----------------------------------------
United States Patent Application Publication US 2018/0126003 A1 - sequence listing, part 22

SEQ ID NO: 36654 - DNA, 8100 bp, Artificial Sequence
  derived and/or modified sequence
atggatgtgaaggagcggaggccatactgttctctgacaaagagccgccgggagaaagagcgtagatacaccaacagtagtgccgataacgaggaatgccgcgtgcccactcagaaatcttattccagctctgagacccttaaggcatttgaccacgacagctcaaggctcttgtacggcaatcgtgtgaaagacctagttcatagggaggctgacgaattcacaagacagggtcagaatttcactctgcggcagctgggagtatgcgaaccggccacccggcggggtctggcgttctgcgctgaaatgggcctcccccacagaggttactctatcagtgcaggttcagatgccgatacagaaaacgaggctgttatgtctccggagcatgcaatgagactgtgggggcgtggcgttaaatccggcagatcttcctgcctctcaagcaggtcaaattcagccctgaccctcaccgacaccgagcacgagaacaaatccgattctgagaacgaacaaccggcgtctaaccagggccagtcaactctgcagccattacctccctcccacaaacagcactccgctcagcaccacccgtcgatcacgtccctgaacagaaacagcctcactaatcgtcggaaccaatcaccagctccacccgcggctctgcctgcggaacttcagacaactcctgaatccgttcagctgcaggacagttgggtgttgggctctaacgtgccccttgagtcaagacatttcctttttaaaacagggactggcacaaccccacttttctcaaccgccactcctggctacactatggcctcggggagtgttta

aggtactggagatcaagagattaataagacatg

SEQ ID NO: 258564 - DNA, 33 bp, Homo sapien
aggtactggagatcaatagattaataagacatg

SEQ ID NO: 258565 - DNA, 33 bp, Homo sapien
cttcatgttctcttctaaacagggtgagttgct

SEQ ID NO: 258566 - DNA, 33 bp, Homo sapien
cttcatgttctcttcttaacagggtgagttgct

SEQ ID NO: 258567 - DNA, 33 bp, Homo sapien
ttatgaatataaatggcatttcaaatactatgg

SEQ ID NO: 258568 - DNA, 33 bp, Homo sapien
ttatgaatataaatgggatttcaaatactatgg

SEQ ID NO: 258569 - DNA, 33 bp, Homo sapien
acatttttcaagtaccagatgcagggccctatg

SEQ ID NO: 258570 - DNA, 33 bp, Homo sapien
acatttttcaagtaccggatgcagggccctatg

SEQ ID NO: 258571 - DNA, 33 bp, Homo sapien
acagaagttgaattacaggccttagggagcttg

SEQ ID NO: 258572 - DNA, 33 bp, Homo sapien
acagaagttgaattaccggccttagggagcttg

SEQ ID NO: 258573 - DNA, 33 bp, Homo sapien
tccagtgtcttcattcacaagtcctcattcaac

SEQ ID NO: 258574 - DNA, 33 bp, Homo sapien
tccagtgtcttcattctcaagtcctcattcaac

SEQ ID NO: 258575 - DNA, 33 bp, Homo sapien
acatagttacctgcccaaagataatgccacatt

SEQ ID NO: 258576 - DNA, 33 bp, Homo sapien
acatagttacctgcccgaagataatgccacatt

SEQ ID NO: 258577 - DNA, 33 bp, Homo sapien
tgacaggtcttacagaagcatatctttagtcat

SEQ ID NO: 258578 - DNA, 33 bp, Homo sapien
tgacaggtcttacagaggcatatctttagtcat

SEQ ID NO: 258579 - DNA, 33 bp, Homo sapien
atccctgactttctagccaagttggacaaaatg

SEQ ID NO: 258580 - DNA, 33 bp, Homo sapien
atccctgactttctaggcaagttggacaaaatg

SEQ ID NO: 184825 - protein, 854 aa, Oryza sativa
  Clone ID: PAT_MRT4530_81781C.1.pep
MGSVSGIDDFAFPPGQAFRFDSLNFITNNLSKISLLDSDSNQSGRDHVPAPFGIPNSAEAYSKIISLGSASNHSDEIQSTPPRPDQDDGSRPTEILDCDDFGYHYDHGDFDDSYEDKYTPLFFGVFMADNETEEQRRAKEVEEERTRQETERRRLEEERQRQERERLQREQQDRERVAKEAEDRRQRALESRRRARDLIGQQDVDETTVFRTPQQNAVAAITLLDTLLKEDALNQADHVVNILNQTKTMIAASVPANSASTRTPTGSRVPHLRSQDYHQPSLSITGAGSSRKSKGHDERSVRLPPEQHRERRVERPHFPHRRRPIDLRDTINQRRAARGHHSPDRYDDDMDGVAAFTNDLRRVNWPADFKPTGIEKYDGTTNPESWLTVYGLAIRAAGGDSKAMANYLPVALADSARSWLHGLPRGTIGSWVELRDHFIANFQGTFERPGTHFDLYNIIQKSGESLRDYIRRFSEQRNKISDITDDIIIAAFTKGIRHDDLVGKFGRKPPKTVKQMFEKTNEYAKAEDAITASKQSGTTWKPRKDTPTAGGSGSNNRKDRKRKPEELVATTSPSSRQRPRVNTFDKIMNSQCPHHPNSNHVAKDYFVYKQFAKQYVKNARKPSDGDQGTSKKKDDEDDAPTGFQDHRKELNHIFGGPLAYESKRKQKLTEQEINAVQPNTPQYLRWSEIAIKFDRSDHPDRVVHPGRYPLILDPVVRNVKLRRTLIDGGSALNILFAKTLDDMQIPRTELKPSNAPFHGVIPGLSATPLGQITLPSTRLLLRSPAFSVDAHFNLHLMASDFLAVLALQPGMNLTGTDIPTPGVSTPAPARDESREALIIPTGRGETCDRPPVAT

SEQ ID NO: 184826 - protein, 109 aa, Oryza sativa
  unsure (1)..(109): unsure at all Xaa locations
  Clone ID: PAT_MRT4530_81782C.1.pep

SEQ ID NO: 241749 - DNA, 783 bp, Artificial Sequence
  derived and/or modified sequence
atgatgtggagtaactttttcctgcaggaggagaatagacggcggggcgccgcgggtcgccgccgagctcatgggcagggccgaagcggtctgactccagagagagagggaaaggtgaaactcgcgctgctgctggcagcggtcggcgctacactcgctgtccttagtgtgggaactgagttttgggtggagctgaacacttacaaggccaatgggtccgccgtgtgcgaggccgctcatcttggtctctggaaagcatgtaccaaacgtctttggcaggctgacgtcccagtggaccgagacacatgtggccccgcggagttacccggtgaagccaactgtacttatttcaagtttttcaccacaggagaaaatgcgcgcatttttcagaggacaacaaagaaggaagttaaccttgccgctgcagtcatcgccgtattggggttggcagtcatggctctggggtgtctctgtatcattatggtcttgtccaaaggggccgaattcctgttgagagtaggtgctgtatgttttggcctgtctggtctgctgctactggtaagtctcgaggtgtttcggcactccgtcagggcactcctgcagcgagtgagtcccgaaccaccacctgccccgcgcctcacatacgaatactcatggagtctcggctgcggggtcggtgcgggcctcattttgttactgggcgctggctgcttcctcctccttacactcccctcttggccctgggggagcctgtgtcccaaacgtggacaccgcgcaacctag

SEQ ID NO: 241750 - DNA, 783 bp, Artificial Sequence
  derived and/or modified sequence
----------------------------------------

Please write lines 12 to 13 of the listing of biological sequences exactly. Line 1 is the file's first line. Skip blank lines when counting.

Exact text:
SEQ ID NO: 258567 - DNA, 33 bp, Homo sapien
ttatgaatataaatggcatttcaaatactatgg